The Relationship Among Community Violence & Racial Socialization Messages and Their Influence on the Masculine Ideology of Black Men
Both media and scholarly portrayals of contemporary Black life often highlight cultures of violence, drugs, anti-authoritarianism, and other social deficiencies (Monroe, 2005). This study aimed to challenge the negative depiction of Black men’s masculinity due to factors such as witnessing community violence and/or being victimized due to community violence. The study also examined whether given racial socialization messages could be used as a protective factor in the healthy identity development of masculinity among Black men. This study conducted five simple regression analyses and one multiple regression analysis to examine the relationship of the five predictor variables (witnessing violence, victimization, proactive messages, reactive message, and contrast messages) on the masculinity of Black men. Data was gathered from 79 Black men who self-identified as Black or African American and male. These individuals completed the Male Role Norms Inventory-Short Form, Survey for Exposure to Community Violence, and the Racial Bias Preparation Scale, and demographics survey. Findings from this study suggest that there is no linear relationship between masculinity and violence, and no linear relationship when looking at the combined factors of violence, racial socialization messages, and masculinity. The examination of violence, racial socialization messages, and masculinity may provide society with a better understanding and a more accurate portrayal of Black men and how they develop their masculinity.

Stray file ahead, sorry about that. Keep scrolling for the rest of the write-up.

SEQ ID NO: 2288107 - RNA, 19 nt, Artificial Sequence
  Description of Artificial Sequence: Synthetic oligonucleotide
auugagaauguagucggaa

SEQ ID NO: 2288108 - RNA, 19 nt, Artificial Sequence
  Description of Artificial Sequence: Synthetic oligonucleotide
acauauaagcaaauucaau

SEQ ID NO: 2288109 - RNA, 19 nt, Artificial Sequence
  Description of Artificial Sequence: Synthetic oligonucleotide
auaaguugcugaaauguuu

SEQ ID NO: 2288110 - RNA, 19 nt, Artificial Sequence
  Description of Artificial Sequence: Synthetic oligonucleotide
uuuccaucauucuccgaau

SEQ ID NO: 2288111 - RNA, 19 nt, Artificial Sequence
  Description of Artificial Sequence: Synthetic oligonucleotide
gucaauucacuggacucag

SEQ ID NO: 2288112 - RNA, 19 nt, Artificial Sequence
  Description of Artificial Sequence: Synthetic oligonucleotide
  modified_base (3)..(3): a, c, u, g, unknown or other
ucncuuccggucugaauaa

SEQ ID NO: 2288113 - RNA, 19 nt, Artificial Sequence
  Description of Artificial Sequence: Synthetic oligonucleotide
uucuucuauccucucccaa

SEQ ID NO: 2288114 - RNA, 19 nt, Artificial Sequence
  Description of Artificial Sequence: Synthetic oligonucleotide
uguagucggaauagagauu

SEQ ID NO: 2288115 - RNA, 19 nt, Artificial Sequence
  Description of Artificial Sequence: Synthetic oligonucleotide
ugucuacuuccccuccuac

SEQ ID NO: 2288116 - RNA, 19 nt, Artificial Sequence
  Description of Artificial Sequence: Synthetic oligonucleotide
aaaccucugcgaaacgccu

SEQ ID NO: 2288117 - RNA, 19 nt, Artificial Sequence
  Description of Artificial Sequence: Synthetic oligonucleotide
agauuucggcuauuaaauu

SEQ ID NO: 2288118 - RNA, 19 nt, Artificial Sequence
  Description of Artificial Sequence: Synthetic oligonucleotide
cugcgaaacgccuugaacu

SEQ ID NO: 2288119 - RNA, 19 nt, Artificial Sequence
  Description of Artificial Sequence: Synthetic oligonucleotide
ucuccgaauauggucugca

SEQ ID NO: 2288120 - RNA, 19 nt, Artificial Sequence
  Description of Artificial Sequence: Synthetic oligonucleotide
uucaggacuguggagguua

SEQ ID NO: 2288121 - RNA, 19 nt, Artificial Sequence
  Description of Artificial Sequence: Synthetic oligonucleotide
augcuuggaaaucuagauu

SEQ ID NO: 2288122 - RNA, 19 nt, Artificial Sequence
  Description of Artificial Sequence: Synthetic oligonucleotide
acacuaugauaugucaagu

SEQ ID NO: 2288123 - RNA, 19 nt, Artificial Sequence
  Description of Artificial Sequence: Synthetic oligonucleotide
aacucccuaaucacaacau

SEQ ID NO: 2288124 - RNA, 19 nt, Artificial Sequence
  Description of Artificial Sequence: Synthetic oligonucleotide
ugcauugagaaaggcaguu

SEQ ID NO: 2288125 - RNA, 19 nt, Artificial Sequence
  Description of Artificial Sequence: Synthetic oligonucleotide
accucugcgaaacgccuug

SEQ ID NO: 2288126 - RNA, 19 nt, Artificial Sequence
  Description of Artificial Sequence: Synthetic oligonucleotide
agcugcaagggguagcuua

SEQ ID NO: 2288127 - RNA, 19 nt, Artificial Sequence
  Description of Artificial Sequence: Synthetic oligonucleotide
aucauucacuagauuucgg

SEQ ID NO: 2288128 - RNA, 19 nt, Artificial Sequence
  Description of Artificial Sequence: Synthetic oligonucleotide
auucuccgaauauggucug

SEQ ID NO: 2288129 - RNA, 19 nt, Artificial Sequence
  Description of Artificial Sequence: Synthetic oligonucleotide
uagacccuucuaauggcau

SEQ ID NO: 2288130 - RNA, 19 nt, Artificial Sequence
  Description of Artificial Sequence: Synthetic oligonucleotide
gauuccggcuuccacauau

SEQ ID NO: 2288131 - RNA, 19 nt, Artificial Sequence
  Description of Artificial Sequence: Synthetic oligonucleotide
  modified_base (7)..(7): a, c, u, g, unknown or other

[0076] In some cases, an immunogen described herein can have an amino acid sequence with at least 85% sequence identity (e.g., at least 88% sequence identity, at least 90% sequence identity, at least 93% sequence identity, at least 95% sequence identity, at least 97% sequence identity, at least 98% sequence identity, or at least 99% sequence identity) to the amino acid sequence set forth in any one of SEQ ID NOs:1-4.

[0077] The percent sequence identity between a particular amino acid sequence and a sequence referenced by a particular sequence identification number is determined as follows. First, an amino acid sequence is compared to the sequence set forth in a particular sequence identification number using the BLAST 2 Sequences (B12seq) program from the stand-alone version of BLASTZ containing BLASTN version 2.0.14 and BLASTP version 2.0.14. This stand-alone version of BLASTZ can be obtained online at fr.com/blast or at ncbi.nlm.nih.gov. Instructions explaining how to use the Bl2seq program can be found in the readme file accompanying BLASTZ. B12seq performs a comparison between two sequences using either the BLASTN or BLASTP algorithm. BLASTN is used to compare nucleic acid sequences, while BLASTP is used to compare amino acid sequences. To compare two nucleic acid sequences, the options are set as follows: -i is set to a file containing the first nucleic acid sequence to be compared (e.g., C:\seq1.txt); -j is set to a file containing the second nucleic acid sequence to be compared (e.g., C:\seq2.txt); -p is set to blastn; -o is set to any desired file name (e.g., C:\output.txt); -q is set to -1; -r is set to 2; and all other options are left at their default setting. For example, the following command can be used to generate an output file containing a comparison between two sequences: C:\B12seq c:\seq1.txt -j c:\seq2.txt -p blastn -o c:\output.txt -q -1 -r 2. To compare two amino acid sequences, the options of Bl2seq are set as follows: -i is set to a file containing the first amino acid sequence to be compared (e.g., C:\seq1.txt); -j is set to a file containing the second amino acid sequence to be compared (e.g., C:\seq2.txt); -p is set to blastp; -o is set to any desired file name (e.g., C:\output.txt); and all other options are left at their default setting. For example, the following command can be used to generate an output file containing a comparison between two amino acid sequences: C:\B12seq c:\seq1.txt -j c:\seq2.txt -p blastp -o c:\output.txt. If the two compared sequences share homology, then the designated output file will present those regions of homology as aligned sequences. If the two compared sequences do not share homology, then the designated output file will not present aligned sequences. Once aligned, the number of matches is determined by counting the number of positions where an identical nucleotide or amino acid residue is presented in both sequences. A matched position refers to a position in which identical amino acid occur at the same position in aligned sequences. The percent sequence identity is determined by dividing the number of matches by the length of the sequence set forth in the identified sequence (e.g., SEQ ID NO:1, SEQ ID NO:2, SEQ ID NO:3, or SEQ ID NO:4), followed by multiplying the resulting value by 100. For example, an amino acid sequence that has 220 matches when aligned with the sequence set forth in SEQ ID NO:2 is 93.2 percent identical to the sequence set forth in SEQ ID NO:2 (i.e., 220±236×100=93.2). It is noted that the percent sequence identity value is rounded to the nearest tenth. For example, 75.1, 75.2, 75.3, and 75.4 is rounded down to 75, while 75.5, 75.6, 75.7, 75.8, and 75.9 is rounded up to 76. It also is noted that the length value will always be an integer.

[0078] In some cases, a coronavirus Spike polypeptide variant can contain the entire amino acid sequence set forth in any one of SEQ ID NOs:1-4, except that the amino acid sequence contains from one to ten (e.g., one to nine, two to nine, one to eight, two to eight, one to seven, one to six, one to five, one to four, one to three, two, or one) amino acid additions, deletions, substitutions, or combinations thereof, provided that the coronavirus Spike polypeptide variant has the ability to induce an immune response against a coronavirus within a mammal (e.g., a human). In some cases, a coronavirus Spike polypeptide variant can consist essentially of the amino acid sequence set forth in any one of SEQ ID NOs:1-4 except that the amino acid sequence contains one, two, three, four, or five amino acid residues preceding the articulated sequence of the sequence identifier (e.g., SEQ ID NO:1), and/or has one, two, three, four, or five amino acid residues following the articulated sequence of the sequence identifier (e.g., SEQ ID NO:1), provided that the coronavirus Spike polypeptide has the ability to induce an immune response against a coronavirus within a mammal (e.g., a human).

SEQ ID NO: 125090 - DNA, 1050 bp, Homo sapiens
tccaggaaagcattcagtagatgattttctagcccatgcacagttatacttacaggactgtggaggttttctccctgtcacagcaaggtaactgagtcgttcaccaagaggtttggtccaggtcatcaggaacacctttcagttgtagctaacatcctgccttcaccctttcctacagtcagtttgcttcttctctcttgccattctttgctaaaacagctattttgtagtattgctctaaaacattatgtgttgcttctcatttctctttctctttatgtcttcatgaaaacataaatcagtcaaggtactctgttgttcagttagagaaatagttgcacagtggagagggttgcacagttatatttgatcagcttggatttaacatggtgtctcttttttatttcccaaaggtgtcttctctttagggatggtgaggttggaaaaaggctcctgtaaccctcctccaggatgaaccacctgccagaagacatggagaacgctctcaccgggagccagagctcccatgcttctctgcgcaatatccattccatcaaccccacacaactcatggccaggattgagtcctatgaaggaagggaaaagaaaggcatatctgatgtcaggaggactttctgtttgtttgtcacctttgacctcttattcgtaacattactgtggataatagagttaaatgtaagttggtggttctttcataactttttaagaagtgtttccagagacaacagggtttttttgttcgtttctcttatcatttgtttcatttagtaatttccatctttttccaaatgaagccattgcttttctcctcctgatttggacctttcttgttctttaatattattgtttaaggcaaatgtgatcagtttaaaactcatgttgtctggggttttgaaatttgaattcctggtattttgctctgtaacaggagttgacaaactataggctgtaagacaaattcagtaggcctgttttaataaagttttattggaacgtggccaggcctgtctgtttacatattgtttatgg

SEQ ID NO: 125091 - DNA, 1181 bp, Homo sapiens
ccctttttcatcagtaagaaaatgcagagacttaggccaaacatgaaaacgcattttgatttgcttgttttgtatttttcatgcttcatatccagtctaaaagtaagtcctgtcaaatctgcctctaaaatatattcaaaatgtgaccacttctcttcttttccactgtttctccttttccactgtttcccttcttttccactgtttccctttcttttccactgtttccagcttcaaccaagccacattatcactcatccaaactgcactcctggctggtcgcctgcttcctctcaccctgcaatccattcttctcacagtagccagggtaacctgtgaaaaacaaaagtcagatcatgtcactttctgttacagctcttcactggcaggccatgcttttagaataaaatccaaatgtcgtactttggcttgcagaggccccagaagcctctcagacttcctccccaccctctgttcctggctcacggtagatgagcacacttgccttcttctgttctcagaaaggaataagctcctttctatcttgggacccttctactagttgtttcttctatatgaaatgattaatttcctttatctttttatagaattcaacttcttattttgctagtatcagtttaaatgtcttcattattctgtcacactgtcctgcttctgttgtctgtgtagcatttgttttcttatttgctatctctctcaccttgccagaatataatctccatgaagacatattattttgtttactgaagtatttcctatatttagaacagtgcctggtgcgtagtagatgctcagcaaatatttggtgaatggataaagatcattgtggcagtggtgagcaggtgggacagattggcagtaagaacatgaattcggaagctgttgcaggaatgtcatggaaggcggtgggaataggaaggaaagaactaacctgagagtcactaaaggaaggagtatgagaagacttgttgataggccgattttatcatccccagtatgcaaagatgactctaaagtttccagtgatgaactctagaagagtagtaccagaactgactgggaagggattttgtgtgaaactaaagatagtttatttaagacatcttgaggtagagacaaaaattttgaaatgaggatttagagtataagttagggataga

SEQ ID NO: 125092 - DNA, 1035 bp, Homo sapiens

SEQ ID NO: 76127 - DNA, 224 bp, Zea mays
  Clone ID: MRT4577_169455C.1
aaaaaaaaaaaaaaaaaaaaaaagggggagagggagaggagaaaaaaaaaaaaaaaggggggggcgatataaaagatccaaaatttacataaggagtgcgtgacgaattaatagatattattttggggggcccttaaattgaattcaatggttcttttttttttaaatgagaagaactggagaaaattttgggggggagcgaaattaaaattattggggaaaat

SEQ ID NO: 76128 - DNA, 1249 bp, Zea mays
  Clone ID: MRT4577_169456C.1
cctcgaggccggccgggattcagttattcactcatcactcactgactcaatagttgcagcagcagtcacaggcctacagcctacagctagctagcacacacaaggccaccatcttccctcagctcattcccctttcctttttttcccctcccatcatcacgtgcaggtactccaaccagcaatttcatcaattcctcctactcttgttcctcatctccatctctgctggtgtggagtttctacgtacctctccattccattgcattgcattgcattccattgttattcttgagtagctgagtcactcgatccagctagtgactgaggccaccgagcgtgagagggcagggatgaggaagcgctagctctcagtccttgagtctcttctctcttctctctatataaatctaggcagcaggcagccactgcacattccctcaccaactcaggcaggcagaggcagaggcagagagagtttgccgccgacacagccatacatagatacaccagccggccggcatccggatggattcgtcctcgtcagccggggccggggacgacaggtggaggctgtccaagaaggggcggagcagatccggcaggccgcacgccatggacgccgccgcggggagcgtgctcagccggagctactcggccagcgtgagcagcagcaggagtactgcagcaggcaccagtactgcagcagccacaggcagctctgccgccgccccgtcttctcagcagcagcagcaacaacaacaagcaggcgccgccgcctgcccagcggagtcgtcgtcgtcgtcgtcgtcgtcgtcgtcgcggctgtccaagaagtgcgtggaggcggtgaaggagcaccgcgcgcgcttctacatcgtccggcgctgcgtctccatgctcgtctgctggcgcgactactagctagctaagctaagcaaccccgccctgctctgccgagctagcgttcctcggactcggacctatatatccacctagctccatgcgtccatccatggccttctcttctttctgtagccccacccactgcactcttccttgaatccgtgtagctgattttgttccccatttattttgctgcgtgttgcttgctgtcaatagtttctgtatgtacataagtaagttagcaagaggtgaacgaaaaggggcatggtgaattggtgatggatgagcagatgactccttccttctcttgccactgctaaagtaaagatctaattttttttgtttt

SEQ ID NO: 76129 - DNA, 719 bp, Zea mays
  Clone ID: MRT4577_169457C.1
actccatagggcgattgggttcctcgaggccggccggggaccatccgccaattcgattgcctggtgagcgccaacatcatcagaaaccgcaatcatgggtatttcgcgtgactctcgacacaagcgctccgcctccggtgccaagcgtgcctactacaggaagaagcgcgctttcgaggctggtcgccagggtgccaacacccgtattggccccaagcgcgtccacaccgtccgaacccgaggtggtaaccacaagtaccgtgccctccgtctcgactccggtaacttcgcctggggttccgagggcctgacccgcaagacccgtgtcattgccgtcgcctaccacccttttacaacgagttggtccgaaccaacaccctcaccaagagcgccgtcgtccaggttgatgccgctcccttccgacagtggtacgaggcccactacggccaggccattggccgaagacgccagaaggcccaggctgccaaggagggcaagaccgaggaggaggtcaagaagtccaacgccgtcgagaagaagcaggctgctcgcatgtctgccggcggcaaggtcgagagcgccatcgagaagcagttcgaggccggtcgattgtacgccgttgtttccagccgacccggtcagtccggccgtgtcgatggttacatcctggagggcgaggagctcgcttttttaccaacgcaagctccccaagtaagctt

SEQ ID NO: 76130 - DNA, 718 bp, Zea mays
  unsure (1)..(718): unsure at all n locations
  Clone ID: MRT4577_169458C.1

Christopher D Brooks,
"The Relationship Among Community Violence & Racial Socialization Messages and Their Influence on the Masculine Ideology of Black Men"
ETD Collection for Tennessee State University.